London: A UK Opposition Labour Party Member of Parliament and shadow minister for women and equalities has called for a statutory inquiry into 21 Indian-origin women being given chapatis containing radioactive isotopes to combat iron deficiency as part of a medical research in the 1960s.
Taiwo Owatemi, who is the MP for Coventry in the West Midlands region of England, said in a post on X, formerly Twitter, recently that she is deeply concerned for the women and families impacted by the study.
The women, identified through a general practitioner (GP) were given the chapatis containing Iron-59, an iron isotope, as part of a research trial in 1969 into iron deficiency in the city's South Asian population.
My foremost concern is for the women and the families of those who were experimented on in this study, said Owatemi.
"I will be calling for a debate on this as soon as possible after Parliament returns in September followed by a full Statutory Inquiry into how this was allowed to happen, and why the recommendation of the MRC [Medical Research Council] report to identify the women was never followed up so that they can share their stories, receive any support needed, and so that lessons are learnt," she said.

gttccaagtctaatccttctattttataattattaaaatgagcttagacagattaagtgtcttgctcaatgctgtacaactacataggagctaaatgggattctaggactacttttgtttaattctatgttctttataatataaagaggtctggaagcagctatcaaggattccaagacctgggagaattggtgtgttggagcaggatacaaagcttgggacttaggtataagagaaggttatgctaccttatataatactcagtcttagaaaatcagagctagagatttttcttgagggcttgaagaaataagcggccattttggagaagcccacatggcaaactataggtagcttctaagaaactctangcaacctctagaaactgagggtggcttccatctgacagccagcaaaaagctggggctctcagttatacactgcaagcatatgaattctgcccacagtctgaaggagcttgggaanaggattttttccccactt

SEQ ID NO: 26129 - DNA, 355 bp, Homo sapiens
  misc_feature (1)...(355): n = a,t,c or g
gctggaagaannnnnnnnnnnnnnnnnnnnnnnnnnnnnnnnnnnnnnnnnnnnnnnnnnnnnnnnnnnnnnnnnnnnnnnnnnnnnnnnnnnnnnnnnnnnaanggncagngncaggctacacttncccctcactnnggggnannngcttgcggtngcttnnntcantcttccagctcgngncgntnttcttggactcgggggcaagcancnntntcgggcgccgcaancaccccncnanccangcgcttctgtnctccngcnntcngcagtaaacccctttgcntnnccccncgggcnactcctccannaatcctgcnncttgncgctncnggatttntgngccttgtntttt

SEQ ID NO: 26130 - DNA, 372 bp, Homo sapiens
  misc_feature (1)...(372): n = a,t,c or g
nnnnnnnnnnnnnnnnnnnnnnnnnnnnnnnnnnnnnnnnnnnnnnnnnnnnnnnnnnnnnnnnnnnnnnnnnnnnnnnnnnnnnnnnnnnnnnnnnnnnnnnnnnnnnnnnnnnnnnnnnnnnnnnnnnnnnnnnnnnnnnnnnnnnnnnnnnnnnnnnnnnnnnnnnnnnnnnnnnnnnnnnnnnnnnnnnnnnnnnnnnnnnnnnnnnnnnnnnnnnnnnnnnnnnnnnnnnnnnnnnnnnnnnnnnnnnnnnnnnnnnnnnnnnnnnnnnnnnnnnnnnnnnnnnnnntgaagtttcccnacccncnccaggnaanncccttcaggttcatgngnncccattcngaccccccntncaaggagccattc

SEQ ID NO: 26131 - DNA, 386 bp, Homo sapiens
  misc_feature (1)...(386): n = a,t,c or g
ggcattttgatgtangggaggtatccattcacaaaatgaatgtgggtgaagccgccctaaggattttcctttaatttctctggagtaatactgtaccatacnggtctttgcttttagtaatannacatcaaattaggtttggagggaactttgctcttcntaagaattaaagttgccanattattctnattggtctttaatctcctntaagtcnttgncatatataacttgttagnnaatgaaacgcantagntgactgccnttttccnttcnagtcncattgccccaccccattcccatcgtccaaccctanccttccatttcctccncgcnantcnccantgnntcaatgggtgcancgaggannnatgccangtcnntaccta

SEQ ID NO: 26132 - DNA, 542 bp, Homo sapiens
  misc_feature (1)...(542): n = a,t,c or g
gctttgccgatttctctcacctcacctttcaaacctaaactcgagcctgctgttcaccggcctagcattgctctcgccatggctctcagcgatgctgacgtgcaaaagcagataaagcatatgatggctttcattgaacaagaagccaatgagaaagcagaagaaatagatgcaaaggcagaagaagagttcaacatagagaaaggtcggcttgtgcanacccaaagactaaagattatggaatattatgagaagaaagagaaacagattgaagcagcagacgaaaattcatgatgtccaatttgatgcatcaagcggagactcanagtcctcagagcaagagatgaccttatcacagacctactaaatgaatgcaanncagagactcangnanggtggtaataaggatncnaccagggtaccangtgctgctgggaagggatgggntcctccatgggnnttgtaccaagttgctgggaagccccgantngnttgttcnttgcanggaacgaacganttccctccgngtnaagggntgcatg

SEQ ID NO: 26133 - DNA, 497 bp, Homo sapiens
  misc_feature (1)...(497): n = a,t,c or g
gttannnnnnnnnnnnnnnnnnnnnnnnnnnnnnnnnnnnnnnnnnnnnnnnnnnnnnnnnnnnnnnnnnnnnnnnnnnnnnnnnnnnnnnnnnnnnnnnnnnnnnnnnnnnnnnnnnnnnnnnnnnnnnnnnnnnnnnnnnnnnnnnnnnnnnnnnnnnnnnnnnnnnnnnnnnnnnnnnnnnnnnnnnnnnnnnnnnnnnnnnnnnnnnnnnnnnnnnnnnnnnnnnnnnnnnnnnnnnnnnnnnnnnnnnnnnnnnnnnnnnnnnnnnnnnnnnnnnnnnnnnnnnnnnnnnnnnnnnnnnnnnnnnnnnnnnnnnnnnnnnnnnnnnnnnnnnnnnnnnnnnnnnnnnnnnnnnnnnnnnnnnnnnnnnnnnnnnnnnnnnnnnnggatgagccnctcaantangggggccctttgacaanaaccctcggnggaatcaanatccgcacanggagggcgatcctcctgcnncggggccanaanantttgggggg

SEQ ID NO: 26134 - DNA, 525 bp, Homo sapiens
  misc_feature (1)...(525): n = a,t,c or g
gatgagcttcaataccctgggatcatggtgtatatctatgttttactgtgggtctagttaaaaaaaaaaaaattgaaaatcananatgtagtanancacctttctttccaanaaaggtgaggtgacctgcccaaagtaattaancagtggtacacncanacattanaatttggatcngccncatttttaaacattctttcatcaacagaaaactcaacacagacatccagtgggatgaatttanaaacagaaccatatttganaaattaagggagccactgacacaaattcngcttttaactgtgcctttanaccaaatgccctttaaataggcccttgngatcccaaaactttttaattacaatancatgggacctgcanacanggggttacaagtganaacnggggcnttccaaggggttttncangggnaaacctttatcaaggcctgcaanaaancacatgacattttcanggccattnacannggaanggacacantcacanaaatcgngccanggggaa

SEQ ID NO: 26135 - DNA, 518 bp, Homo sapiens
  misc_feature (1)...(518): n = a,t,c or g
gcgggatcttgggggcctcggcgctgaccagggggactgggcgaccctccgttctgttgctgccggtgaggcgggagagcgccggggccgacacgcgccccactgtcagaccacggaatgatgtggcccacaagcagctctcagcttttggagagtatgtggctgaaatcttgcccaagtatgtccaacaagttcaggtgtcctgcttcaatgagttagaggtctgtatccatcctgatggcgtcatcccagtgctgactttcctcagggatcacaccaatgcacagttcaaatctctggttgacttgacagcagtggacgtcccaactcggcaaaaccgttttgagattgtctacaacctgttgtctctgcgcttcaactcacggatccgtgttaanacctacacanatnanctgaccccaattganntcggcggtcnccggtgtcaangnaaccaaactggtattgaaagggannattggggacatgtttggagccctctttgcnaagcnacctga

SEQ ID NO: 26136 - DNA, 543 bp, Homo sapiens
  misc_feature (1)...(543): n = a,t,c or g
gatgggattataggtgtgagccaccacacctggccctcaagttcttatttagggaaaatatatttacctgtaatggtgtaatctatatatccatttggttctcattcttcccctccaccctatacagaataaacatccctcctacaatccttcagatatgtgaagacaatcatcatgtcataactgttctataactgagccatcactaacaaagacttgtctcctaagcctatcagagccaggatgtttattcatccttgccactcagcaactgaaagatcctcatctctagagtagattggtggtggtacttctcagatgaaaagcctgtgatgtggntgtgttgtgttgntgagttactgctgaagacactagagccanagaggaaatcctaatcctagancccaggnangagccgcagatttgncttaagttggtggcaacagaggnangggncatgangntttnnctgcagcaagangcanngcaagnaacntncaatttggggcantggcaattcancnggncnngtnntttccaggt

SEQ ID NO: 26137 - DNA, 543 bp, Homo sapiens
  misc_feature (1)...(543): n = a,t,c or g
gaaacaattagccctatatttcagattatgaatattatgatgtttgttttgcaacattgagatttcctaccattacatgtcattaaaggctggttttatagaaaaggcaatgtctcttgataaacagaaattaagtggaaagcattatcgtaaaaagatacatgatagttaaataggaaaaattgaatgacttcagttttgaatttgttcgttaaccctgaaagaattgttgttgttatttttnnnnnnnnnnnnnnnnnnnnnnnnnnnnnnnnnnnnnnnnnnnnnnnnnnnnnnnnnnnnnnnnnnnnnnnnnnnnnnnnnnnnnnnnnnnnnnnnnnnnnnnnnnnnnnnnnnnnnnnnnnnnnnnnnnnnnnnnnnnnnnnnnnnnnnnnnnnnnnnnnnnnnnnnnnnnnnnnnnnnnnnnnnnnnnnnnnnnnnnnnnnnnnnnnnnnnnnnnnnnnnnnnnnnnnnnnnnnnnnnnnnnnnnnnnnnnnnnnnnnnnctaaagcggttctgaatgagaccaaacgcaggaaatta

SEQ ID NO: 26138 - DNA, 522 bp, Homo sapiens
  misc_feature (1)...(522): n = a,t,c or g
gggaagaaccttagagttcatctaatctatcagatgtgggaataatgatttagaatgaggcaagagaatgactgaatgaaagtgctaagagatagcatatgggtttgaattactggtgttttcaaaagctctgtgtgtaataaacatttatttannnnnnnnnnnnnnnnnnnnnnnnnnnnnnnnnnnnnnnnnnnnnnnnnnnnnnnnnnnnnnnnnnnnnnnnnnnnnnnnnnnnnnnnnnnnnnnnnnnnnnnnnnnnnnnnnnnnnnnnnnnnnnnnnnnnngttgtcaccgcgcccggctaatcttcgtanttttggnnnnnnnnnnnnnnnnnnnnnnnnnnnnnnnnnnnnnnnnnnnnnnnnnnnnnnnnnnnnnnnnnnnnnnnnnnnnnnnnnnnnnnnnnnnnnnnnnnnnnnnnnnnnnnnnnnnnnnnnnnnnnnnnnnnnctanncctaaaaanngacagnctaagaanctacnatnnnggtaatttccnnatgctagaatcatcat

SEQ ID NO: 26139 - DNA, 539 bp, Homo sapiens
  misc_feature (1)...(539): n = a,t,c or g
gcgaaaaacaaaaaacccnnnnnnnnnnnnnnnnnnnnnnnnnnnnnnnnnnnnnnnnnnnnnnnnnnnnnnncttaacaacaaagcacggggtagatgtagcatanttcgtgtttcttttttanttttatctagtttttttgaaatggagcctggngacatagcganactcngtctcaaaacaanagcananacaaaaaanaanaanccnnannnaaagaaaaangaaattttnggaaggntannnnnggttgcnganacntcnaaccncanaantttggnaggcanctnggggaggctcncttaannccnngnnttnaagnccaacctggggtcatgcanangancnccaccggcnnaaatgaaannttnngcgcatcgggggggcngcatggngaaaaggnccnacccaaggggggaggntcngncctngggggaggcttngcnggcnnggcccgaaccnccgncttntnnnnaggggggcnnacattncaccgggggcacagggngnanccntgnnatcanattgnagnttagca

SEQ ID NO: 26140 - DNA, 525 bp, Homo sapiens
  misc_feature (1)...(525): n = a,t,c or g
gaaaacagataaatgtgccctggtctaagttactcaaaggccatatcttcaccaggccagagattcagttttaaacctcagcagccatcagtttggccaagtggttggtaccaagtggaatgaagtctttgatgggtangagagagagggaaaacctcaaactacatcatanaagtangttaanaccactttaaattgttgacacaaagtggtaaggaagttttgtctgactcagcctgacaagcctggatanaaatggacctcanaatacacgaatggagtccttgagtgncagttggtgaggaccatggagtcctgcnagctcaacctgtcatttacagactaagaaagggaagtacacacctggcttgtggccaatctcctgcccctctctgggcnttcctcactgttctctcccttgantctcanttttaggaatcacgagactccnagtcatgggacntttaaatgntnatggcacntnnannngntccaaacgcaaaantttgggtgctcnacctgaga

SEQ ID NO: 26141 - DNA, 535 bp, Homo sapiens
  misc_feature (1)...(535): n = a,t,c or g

An MRC spokesperson said an independent inquiry, commissioned following a documentary on Channel 4 in 1995, had examined questions raised.
The study was carried out due to concerns of widespread anaemia among South Asian women and researchers suspected traditional South Asian diets were to blame. Chapatis containing Iron-59, an iron isotope with a gamma-beta emitter, were delivered to participants' homes. They would later be invited to a research facility in Oxfordshire to have their radiation levels assessed.
It was reported that the MRC said the study proved that “Asian women should take extra iron because the iron in the flour was insoluble”.
Radioactive research on Indian women
· Chapatis containing Iron-59, an iron isotope, was given to Indian women participants.
· After they ate it, their radiation level was measured, to judge how much iron was absorbed.
· The women were assumed to be recent immigrants with limited knowledge of English.
· The study was first investigated in a 1995 Channel 4 documentary.
· The BBC said researchers are looking for the women who part of the study.